The fly back converter 48 produces a relatively low DC voltage (around 12 V DC in the preferred embodiment) supplied along line 58 to ballast control circuit 52. A safety interlock switch 53 is located along line 58 to automatically cut the voltage to ballast control circuit 52 in the event of removal of the access panel 16 from the projector 10. Safety interlock switch 53 and its coupling to the access panel 16 are described in detail below.
Ballast control circuit 52 is electrically connected to and controls ballast power circuit 54 through line 60. Ballast power circuit 54 may be of conventional design and contains several semiconductor switches along with passive L, C, and R filters that receive the high voltage DC current from line 46. Ballast control circuit 52 is connected to such switches through a plurality of lines 60 and generates control signals to control the ballast power circuit switches. Such switches are operated in specific timing sequences in order to produce sufficient AC voltage through line 62 for the lamp in operation (around 85 V AC in the preferred embodiment) and the high voltage at lamp ignition (around 20 KV AC in the preferred embodiment). In the event that line 58 is broken by opening switch 53 (i.e., actuating the switch 53 to an open disconnected state), the control signals from ballast control circuit 52 are eliminated, which interrupts the sequenced switch operation in the ballast power circuit 54 and immediately eliminates the high voltage output 62 from the ballast power supply to the lamp 56, thereby rendering the projector 10 safe for removal of the lamp.
A thermal switch 64 may also be positioned adjacent the lamp module 14. Like operation of the safety interlock switch, thermal switch 64 is opened in the event of a pre-determined over temperature adjacent the lamp module to eliminate high voltage to the lamp 56.
In another embodiment, the safety interlock switch could be placed along line 60 to interrupt the control signals downstream of the ballast control circuit 52. Alternatively, the safety interlock switch could be placed directly within the ballast control circuit to interrupt control signal output.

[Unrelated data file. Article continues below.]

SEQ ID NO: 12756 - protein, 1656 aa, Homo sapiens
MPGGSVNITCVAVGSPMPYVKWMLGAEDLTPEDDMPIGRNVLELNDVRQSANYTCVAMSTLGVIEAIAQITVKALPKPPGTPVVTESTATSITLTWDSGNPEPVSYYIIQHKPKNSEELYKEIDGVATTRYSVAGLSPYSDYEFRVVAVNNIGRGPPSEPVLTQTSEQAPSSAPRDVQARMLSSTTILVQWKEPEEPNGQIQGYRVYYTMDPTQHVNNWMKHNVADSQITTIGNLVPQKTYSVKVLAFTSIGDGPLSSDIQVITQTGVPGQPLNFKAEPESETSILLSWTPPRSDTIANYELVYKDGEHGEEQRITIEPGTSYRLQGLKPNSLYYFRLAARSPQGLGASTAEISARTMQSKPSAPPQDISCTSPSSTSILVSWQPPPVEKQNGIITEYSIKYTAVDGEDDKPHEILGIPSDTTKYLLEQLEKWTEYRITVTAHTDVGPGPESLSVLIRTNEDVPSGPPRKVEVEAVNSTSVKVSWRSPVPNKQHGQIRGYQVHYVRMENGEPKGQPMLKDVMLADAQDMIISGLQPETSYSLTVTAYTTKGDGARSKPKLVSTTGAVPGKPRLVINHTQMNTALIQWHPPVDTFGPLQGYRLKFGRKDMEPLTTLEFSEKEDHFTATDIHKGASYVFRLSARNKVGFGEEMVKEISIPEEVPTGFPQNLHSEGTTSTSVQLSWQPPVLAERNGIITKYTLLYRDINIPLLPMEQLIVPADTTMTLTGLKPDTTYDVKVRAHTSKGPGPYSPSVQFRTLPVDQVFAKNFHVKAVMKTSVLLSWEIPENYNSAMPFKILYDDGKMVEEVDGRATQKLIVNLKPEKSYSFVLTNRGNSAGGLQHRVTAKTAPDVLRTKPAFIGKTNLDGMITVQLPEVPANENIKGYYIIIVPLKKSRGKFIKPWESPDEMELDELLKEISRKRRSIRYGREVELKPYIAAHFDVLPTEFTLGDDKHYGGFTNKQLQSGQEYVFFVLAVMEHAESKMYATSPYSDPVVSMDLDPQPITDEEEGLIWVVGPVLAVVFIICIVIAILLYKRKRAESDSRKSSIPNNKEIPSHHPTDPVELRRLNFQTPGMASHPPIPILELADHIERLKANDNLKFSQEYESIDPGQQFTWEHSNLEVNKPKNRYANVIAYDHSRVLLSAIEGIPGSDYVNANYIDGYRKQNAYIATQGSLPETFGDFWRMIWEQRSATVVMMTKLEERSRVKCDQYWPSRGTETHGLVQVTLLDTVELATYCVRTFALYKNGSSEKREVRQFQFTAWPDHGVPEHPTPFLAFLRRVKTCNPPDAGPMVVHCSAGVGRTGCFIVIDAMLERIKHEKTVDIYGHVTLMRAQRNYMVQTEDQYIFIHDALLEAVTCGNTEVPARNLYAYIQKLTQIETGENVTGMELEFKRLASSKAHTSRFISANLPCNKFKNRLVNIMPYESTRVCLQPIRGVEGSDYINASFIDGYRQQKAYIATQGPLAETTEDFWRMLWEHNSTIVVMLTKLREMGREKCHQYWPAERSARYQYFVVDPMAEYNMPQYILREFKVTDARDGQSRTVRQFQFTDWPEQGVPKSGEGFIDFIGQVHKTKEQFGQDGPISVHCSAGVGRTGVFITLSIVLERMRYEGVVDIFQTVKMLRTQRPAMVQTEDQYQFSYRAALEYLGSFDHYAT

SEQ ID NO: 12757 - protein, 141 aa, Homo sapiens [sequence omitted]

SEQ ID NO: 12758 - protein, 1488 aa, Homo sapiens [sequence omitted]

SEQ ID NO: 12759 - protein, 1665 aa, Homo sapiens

The mechanical design of the preferred embodiment will now be described in detail. As shown in FIG. 2, lamp access panel 16 is secured to housing 12 by a snap latch with male and female portions 68 a, 68 b. Male portion 68 a is formed in the access panel to provide a cavity on the outward facing surface of the access panel 16 and a male snap protrusion on the inward facing surface of the access panel. The male snap protrusion snaps into female portion 68 b, which is a cavity formed in the housing 12. The cavity of the upper portion 68 a is sized to receive a screwdriver or similar tool to facilitate access panel removal from the projector. The housing has a shallow depression 69 shaped to receive the access panel 16 to further register and secure the access panel to the projector 10. Lamp module 14 slides in and out of housing 12 along a direction defined by cavity 13, and is secured in place by fasteners such as screws 67 a, 67 b or the like.
The safety interlock apparatus will now be described in detail by reference to FIGS. 1 and 3. A switch cavity 71 (see FIG. 2) is formed in the housing adjacent the lamp module 14. A safety interlock switch 53 (see FIG. 3) is mounted adjacent the lamp module cavity 13 at the distal end of switch cavity 71 within the housing 12. Access panel 16 has a switch actuator 70 extending therefrom that is received into cavity 71 when the access panel is placed over the lamp module 14 and snapped into place, as shown in FIG. 2. As best shown in FIG. 3, actuator 70 has a sloped cam surface 72 that couples with switch 53 when access panel 16 is installed on the housing 12.